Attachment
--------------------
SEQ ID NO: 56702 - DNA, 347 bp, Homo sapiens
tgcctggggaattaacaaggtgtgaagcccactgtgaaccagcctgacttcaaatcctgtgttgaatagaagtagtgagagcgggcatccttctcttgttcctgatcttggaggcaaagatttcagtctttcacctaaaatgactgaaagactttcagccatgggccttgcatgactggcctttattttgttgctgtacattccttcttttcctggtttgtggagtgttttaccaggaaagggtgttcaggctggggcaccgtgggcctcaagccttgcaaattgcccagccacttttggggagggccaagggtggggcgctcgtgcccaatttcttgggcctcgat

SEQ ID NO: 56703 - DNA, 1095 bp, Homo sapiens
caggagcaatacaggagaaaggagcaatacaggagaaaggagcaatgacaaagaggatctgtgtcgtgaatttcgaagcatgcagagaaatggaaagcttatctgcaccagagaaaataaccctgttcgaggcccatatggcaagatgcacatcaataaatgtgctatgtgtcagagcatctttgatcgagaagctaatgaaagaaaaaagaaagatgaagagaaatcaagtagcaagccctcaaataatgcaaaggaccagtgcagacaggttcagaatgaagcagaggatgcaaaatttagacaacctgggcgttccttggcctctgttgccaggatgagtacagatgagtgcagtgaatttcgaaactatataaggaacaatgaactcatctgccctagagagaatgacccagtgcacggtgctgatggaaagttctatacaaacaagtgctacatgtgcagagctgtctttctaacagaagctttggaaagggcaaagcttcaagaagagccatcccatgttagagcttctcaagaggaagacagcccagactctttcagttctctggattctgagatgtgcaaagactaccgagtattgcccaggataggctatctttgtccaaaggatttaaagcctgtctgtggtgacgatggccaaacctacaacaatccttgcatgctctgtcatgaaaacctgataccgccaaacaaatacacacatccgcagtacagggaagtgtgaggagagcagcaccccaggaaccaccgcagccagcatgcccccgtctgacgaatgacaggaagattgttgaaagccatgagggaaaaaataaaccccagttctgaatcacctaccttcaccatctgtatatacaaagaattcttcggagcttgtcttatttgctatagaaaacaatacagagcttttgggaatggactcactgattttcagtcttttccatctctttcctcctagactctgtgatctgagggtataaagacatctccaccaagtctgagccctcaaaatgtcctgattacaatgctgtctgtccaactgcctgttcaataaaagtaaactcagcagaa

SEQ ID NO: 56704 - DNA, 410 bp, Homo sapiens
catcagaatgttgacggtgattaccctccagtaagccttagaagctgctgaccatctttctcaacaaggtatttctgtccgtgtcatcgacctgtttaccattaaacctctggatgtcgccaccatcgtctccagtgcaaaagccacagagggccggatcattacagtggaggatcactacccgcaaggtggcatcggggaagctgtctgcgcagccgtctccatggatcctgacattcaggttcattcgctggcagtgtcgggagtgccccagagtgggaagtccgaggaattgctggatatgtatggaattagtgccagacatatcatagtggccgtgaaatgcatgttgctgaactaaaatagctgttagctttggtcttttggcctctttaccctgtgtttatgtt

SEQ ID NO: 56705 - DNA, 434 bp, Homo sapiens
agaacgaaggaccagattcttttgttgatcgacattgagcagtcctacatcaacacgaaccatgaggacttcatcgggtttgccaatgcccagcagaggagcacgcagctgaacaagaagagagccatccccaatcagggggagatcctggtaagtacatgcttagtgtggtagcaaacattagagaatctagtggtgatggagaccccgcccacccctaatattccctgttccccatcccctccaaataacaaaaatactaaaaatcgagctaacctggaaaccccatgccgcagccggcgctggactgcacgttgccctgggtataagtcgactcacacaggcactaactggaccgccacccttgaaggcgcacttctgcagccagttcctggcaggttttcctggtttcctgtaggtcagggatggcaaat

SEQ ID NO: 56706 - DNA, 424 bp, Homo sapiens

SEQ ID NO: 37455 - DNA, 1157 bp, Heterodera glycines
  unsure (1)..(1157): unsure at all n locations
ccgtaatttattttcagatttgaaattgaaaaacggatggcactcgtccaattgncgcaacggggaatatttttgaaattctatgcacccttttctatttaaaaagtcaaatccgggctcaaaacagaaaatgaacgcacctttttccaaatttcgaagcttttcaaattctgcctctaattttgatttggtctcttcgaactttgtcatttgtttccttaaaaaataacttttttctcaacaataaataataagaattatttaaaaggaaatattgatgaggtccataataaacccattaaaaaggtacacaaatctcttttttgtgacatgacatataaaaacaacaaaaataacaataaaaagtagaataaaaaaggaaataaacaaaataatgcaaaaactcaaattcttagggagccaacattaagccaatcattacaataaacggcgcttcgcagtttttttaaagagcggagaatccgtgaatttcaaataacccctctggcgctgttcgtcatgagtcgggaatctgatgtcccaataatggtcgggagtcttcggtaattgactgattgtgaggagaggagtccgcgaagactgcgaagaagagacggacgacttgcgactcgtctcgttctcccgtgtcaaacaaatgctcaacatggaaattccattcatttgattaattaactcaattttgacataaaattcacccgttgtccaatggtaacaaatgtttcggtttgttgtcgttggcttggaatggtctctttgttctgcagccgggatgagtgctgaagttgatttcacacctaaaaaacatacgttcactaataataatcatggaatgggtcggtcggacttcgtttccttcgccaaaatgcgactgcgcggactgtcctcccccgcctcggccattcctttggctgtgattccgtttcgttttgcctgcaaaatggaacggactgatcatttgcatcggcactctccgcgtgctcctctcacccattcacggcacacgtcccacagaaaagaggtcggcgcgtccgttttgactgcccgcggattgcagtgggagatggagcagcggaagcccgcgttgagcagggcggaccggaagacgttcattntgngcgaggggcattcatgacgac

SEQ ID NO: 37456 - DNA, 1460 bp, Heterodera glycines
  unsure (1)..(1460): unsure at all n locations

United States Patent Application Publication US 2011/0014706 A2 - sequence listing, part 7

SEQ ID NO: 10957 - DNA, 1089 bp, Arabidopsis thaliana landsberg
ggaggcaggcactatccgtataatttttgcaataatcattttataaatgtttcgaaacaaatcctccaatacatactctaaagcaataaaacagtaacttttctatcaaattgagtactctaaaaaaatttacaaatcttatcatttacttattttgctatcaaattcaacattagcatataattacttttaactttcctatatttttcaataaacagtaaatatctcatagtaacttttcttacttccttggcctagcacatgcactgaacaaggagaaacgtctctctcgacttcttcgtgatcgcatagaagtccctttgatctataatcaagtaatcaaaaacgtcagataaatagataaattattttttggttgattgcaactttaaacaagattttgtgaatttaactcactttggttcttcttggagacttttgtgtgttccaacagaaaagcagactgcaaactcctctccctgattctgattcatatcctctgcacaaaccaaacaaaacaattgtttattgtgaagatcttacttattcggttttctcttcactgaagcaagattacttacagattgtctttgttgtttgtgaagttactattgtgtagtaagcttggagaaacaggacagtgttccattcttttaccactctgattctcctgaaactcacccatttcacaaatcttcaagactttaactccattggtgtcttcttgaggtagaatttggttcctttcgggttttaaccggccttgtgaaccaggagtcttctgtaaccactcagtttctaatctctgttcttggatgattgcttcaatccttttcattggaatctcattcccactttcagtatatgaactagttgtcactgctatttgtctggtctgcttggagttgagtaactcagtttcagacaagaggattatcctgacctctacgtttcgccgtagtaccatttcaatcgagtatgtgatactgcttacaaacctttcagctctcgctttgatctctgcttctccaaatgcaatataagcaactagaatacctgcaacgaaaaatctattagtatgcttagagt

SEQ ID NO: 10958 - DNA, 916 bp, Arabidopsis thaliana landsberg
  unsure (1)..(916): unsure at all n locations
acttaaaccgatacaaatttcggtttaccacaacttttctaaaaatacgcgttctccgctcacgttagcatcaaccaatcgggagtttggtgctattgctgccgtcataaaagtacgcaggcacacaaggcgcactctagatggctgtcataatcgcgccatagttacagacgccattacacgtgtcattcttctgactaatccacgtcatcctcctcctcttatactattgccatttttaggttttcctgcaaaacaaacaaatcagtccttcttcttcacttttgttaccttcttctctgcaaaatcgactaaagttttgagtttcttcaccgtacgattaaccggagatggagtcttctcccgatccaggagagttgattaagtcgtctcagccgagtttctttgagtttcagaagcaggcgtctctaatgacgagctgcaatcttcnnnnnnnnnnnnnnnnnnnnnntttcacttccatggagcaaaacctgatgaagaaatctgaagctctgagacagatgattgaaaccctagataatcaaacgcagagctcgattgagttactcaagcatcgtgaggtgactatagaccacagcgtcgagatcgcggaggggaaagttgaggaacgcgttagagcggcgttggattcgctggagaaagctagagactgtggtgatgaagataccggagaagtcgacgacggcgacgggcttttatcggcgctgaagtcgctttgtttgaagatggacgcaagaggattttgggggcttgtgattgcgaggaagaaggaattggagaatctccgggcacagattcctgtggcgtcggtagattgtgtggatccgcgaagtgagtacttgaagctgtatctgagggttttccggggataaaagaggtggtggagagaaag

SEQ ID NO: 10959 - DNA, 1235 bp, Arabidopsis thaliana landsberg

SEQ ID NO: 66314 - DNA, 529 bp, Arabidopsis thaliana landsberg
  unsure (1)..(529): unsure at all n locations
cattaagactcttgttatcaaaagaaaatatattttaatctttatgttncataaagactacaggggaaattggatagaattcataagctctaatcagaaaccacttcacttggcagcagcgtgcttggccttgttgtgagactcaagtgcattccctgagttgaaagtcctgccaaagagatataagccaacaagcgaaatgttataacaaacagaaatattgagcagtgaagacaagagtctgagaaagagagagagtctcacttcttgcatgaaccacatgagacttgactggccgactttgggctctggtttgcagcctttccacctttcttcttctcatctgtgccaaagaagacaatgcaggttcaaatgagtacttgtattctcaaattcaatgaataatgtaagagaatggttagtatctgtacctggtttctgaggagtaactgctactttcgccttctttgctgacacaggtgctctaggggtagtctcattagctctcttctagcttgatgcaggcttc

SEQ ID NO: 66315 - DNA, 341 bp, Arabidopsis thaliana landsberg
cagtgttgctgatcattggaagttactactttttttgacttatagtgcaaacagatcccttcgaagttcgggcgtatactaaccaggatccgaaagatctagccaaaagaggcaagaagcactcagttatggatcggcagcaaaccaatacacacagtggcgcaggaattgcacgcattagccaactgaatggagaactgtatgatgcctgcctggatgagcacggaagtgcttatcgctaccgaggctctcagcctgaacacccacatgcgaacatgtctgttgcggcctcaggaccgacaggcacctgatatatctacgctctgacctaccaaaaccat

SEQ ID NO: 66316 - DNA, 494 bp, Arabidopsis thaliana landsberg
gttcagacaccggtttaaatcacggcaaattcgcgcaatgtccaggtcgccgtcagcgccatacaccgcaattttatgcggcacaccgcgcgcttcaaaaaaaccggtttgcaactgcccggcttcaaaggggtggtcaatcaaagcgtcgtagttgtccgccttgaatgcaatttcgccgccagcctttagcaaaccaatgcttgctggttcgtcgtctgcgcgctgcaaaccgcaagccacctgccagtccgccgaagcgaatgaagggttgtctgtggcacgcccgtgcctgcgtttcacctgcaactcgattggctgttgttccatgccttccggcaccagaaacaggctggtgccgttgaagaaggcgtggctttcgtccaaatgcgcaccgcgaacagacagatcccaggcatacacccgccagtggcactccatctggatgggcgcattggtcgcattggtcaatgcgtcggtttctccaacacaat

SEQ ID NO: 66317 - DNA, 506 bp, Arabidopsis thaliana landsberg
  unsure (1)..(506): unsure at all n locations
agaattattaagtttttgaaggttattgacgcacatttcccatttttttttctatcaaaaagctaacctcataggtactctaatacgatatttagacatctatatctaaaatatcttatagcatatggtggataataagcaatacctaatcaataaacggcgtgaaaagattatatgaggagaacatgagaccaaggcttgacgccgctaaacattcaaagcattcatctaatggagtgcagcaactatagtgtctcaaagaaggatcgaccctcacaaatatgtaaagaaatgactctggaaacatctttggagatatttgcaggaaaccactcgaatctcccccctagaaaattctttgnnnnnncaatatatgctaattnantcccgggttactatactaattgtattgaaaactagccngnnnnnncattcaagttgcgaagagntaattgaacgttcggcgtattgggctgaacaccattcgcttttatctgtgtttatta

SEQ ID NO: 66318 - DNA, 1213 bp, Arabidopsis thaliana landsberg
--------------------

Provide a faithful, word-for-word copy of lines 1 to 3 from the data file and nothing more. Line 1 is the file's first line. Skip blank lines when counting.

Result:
SEQ ID NO: 56702 - DNA, 347 bp, Homo sapiens
tgcctggggaattaacaaggtgtgaagcccactgtgaaccagcctgacttcaaatcctgtgttgaatagaagtagtgagagcgggcatccttctcttgttcctgatcttggaggcaaagatttcagtctttcacctaaaatgactgaaagactttcagccatgggccttgcatgactggcctttattttgttgctgtacattccttcttttcctggtttgtggagtgttttaccaggaaagggtgttcaggctggggcaccgtgggcctcaagccttgcaaattgcccagccacttttggggagggccaagggtggggcgctcgtgcccaatttcttgggcctcgat

SEQ ID NO: 56703 - DNA, 1095 bp, Homo sapiens